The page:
Four resistance fighters return to the Pantheon

Four resistance fighters return to the Pantheon

The President of the Republic unveiled on February 21 during a ceremony at Mont Valérien, the names of the personalities who will soon join “Les Grands Hommes”, place du Panthéon. Resistance from the start, the personalities chosen by François Hollande are Jean Zay, Germain Tillion, Pierre Brossolette and Geneviève Antonioz De Gaulle.

Jean Zay (1904-1944) Having entered politics very early, Jean Zay became at the age of 32 a member of the Popular Front government as Minister of National Education and Fine Arts. As such, he supported the creation of the Musée de l'Homme and participated in its inauguration in the presence of President Lebrun on June 20, 1938. He died, assassinated by the militia in June 1944.

Germaine Tillion (1907-2008) is an ethnologist specializing in the Chaouïa people (Aurès, Algeria), a pupil of Marcel Mauss, she joined the resistance in 1940. After the arrest of the members of the Musée de l'Homme network, notably Boris Vildé and Anatole Lewitsky, she continues their activities. Herself arrested in 1942, she was finally deported to Ravensbrück. With her experience as an ethnologist, she sets out to describe the world of concentration camps. She also wrote during her detention the libretto for an operetta, "The Verfügbar in the Underworld" which describes the condition of the detainees.

Pierre Brossolette (1903-1944), journalist and politician, he joined the Musée de l'Homme Group presented to Jean Cassou by Agnès Humbert. He wrote the last number of the newspaper "Resistance" and narrowly escaped the dismantling of the network. Pierre Brossolette is also the mouthpiece in London for shadow fighters. In a speech to the BBC on September 22, 1942, he paid a vibrant tribute to "supporters of glory", an expression which would subsequently become common. He will speak 38 times at the microphone of the BBC in replacement of Maurice Schumann and will write articles, including one in La Marseillaise which will subsequently be considered by some as one of the founding texts of Gaullism of war. After having escaped arrests several times, Pierre Brossolette was finally arrested on denunciation. Tortured, he died on March 22, 1944.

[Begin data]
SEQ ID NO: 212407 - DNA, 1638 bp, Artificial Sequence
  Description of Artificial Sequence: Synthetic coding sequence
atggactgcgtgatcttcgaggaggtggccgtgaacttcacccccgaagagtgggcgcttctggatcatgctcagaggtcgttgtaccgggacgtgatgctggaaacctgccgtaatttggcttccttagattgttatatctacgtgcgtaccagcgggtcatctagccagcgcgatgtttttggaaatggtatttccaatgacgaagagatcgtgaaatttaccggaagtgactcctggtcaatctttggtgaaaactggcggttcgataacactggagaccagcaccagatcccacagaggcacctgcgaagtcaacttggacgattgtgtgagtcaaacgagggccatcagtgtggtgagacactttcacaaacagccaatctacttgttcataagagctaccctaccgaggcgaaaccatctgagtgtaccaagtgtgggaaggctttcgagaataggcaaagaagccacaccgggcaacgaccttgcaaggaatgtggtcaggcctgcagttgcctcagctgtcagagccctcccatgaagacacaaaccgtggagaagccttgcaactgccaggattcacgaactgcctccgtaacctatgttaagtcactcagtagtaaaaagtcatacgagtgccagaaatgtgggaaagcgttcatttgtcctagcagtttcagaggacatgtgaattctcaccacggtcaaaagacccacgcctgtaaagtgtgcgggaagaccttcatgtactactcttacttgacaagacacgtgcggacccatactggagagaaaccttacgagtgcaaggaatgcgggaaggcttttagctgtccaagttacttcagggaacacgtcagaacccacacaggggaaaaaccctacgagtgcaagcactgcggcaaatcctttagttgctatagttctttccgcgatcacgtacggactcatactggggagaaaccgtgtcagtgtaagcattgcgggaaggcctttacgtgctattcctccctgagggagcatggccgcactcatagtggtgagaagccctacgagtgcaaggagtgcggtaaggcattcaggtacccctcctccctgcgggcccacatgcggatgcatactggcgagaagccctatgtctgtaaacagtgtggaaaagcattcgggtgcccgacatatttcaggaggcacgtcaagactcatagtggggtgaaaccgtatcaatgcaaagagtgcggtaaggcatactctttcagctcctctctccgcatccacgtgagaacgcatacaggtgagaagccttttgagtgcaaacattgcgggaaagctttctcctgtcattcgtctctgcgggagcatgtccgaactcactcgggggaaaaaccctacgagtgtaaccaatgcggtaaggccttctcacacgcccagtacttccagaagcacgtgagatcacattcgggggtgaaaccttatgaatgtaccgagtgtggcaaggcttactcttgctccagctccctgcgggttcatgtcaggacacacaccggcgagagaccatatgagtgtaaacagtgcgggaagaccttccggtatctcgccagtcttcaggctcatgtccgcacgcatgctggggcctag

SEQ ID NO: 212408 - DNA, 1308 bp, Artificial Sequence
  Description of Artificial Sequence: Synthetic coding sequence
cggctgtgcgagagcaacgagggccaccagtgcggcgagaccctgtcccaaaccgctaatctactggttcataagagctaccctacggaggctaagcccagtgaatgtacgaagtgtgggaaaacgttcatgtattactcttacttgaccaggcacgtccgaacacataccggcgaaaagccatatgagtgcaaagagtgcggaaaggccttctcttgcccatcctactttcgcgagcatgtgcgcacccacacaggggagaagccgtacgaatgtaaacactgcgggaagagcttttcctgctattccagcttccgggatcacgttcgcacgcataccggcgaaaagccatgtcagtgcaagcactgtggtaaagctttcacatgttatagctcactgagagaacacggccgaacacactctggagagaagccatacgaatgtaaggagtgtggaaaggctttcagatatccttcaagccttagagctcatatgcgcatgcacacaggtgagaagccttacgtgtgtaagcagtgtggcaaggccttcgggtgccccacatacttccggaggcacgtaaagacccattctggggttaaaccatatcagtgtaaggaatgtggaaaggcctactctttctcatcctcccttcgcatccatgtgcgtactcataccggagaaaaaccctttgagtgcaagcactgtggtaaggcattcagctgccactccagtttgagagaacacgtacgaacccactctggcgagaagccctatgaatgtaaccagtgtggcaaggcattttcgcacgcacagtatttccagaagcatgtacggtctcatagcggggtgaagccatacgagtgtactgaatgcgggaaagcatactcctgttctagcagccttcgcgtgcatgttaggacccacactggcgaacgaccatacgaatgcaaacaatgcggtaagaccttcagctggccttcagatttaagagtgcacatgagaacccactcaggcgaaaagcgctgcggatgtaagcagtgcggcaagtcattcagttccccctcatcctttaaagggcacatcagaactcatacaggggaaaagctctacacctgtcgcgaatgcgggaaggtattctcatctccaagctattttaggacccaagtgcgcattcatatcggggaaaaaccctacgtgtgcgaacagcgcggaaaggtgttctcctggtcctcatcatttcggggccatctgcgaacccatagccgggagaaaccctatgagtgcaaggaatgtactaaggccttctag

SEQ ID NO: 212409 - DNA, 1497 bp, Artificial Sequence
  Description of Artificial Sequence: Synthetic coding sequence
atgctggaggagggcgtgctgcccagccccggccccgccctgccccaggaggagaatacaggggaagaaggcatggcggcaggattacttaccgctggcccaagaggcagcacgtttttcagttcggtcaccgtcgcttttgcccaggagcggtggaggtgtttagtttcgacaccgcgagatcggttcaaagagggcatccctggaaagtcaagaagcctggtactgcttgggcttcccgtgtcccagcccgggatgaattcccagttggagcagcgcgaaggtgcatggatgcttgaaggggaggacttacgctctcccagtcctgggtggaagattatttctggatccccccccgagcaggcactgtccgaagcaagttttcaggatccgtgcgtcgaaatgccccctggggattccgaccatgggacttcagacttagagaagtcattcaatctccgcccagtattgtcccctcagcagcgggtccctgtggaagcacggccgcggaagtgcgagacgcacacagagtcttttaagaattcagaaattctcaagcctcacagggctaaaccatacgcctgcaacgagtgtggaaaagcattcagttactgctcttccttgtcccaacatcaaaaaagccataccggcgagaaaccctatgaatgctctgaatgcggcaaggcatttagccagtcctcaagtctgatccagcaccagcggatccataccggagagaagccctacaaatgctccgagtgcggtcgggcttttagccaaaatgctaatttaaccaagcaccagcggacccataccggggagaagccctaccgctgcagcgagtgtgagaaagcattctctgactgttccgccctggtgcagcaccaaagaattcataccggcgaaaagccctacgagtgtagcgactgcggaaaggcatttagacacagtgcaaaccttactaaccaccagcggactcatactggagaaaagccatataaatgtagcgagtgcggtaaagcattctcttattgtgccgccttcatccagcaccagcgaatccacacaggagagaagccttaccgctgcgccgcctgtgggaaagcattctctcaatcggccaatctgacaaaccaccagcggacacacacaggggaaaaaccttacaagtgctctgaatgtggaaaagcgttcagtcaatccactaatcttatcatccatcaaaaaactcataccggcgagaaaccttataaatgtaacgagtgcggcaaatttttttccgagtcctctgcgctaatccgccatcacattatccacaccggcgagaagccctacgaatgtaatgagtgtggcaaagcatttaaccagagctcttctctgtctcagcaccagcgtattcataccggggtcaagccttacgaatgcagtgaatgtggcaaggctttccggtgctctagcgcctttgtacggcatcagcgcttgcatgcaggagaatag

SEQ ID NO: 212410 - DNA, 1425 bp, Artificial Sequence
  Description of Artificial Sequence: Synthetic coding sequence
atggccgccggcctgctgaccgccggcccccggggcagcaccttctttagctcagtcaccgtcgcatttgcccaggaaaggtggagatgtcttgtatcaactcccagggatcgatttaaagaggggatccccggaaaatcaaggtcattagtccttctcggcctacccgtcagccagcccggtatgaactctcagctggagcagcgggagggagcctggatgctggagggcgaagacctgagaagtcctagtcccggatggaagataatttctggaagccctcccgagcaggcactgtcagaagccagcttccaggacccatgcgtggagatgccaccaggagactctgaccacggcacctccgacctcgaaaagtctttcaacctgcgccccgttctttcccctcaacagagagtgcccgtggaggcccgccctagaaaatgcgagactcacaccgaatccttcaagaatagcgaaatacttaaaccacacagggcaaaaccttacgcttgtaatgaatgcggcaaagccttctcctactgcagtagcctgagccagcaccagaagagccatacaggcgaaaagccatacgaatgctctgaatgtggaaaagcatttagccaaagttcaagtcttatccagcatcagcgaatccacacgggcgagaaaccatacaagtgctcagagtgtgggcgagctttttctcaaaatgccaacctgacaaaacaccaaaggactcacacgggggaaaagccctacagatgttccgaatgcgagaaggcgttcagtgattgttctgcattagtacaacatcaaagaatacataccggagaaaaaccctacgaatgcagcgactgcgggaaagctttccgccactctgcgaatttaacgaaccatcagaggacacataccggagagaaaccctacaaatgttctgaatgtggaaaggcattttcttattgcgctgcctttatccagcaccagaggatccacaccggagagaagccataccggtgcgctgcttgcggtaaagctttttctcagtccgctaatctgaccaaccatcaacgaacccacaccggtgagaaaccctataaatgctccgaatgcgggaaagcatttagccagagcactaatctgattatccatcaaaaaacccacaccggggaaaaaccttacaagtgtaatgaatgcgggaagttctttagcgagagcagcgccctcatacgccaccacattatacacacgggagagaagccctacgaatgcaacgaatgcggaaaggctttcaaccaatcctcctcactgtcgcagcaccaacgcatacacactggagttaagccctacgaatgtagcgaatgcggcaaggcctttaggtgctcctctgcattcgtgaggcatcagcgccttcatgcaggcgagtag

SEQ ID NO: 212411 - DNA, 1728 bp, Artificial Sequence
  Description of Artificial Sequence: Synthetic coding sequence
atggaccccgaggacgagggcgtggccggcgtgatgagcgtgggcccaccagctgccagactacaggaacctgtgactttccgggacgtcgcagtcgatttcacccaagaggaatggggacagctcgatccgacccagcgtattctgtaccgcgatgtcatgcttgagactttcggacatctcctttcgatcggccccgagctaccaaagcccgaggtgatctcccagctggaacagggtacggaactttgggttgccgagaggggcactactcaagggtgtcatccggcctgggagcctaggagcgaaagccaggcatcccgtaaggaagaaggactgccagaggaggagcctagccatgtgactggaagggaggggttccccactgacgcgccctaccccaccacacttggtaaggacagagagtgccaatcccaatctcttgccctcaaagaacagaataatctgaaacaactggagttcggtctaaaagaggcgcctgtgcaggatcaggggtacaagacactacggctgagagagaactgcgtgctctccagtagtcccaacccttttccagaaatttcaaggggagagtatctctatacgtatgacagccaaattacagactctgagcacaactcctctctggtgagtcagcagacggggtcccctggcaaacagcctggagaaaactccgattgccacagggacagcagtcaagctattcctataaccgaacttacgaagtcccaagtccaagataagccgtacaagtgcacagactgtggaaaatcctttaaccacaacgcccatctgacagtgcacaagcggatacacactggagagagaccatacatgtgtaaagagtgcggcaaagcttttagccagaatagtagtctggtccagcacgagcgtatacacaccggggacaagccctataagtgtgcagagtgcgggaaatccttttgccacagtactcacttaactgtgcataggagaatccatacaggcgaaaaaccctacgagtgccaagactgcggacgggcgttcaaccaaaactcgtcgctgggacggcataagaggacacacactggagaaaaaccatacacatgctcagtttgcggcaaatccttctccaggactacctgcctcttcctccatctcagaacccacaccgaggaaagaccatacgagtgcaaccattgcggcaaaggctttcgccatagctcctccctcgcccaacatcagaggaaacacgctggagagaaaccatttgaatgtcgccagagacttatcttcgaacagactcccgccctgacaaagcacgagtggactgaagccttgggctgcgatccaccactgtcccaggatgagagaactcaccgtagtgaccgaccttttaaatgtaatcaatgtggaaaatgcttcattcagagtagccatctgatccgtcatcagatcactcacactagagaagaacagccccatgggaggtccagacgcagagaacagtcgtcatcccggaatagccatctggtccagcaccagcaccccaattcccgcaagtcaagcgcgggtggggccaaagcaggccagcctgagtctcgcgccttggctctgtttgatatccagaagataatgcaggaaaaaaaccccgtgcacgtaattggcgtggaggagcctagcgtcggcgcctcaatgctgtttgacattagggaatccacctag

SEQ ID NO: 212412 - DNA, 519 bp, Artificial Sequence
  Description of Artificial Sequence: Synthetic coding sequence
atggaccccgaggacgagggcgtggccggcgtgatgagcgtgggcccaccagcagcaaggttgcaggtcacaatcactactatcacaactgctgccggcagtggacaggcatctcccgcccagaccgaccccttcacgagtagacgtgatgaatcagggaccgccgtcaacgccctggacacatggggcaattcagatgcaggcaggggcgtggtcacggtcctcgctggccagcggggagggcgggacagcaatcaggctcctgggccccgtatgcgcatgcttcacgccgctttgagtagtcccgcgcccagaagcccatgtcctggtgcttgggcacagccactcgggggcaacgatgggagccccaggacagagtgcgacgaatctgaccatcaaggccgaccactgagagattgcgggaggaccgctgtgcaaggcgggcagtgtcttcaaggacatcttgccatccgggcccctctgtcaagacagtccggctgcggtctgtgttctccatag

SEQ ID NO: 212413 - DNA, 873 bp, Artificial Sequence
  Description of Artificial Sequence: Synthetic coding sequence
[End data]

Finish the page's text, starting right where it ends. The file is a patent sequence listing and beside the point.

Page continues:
Genevieve De Gaulle (1920-2002) Resistant from June 1940 in the Musée de l'Homme Group, Geneviève de Gaulle increased her intelligence and information actions, particularly within the Defense network of France. Arrested on July 20, 1943 and imprisoned in Fresnes, she was deported to the Ravensbrück camp on February 2, 1944 where she met and befriended four other resistance fighters: Jacqueline Péry d'Alincourt, Suzanne Hiltermann, Anise Postel-Vinay and Germaine Tillon. In October 1944, she was placed in isolation in the "bunker" of the camp. This decision, taken by Himmler, aims to keep her alive and use her as a bargaining chip. She testified in 1987 on Nazi barbarism during the Klaus Barbie trial. Appointed in 1988 to the Economic and Social Council, she fought for ten years for the adoption of an orientation law against extreme poverty.

Sources: Museum of Man

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